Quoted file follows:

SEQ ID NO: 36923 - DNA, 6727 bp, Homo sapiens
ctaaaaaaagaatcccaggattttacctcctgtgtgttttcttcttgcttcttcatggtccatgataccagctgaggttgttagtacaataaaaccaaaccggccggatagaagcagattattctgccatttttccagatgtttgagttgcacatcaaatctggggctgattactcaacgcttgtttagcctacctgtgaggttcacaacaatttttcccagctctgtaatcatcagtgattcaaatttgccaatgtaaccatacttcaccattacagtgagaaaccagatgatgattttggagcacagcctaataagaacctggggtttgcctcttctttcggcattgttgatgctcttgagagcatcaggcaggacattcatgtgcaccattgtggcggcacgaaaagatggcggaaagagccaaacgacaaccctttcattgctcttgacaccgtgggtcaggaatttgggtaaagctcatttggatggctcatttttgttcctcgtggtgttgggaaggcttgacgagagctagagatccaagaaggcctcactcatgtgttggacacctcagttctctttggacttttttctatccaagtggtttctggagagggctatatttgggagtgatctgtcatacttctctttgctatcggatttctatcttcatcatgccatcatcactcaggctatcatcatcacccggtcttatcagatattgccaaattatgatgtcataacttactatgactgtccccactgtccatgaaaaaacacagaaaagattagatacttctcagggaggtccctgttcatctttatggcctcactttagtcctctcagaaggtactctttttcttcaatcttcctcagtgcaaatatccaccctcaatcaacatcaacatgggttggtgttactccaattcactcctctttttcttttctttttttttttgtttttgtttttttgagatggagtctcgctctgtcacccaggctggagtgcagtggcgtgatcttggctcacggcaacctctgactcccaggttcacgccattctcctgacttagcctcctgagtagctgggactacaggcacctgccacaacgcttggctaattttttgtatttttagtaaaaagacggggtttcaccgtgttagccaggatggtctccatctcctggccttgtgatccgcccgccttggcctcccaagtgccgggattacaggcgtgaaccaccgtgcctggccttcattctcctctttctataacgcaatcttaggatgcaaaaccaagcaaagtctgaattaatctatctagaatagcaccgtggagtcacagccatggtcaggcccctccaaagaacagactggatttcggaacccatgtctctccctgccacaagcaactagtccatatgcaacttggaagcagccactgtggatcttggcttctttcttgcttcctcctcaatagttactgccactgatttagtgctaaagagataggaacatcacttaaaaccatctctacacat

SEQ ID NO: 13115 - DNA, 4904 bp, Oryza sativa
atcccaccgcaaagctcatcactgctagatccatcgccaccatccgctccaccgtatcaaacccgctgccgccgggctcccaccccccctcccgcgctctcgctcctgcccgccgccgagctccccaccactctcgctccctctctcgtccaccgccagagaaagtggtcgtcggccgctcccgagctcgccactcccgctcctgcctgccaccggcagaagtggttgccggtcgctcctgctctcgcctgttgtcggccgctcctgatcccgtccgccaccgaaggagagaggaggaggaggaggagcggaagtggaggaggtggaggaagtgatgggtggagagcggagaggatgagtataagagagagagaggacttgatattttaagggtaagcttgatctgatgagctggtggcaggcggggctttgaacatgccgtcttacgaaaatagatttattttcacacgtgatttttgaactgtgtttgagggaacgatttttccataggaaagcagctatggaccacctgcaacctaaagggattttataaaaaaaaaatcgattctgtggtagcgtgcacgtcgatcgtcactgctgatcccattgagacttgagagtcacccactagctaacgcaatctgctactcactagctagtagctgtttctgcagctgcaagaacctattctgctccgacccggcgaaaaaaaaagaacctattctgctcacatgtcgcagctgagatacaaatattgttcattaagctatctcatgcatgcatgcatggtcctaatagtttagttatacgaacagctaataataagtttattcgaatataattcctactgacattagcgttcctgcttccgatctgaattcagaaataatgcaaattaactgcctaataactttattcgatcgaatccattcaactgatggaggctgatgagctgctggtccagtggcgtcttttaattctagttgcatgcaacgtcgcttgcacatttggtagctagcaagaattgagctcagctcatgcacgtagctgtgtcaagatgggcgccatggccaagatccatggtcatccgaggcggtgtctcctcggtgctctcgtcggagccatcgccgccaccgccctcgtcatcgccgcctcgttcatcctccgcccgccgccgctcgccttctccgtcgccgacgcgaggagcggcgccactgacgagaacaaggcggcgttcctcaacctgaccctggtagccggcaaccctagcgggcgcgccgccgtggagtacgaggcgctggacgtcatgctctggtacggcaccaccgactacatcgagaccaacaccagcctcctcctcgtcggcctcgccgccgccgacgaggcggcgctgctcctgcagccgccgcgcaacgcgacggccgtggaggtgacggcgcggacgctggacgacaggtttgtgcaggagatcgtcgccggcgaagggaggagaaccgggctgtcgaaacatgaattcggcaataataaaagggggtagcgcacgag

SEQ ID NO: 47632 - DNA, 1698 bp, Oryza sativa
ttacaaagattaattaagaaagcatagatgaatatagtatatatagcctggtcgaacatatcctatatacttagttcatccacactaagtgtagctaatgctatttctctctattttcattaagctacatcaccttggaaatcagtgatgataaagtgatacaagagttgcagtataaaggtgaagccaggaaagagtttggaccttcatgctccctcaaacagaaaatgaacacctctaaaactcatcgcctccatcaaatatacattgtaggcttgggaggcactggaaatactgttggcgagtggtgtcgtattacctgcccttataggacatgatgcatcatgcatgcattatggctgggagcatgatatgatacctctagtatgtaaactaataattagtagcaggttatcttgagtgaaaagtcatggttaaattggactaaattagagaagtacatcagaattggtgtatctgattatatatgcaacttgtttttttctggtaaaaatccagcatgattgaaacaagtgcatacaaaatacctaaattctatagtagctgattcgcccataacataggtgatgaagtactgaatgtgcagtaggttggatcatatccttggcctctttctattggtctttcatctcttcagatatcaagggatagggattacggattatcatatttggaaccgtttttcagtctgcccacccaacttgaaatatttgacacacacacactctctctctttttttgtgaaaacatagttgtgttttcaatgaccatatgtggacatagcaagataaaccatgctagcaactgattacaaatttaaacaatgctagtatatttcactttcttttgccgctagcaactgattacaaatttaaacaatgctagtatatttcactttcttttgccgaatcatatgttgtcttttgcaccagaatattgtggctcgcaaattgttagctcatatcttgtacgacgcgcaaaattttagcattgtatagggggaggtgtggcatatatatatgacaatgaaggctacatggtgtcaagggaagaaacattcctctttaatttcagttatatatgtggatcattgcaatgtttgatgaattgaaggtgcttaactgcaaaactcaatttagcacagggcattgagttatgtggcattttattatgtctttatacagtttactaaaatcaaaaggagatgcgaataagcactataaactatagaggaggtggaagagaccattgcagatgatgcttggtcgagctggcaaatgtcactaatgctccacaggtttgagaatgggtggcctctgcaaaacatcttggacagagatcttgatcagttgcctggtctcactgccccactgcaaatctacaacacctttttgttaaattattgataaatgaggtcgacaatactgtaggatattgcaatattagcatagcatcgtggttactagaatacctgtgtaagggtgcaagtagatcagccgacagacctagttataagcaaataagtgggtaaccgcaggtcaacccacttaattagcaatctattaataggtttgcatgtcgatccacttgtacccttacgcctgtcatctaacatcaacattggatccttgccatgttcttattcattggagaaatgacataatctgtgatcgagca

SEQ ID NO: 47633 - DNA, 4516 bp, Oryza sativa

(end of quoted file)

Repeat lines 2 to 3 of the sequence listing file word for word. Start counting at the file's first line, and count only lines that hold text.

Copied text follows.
ctaaaaaaagaatcccaggattttacctcctgtgtgttttcttcttgcttcttcatggtccatgataccagctgaggttgttagtacaataaaaccaaaccggccggatagaagcagattattctgccatttttccagatgtttgagttgcacatcaaatctggggctgattactcaacgcttgtttagcctacctgtgaggttcacaacaatttttcccagctctgtaatcatcagtgattcaaatttgccaatgtaaccatacttcaccattacagtgagaaaccagatgatgattttggagcacagcctaataagaacctggggtttgcctcttctttcggcattgttgatgctcttgagagcatcaggcaggacattcatgtgcaccattgtggcggcacgaaaagatggcggaaagagccaaacgacaaccctttcattgctcttgacaccgtgggtcaggaatttgggtaaagctcatttggatggctcatttttgttcctcgtggtgttgggaaggcttgacgagagctagagatccaagaaggcctcactcatgtgttggacacctcagttctctttggacttttttctatccaagtggtttctggagagggctatatttgggagtgatctgtcatacttctctttgctatcggatttctatcttcatcatgccatcatcactcaggctatcatcatcacccggtcttatcagatattgccaaattatgatgtcataacttactatgactgtccccactgtccatgaaaaaacacagaaaagattagatacttctcagggaggtccctgttcatctttatggcctcactttagtcctctcagaaggtactctttttcttcaatcttcctcagtgcaaatatccaccctcaatcaacatcaacatgggttggtgttactccaattcactcctctttttcttttctttttttttttgtttttgtttttttgagatggagtctcgctctgtcacccaggctggagtgcagtggcgtgatcttggctcacggcaacctctgactcccaggttcacgccattctcctgacttagcctcctgagtagctgggactacaggcacctgccacaacgcttggctaattttttgtatttttagtaaaaagacggggtttcaccgtgttagccaggatggtctccatctcctggccttgtgatccgcccgccttggcctcccaagtgccgggattacaggcgtgaaccaccgtgcctggccttcattctcctctttctataacgcaatcttaggatgcaaaaccaagcaaagtctgaattaatctatctagaatagcaccgtggagtcacagccatggtcaggcccctccaaagaacagactggatttcggaacccatgtctctccctgccacaagcaactagtccatatgcaacttggaagcagccactgtggatcttggcttctttcttgcttcctcctcaatagttactgccactgatttagtgctaaagagataggaacatcacttaaaaccatctctacacat

SEQ ID NO: 13115 - DNA, 4904 bp, Oryza sativa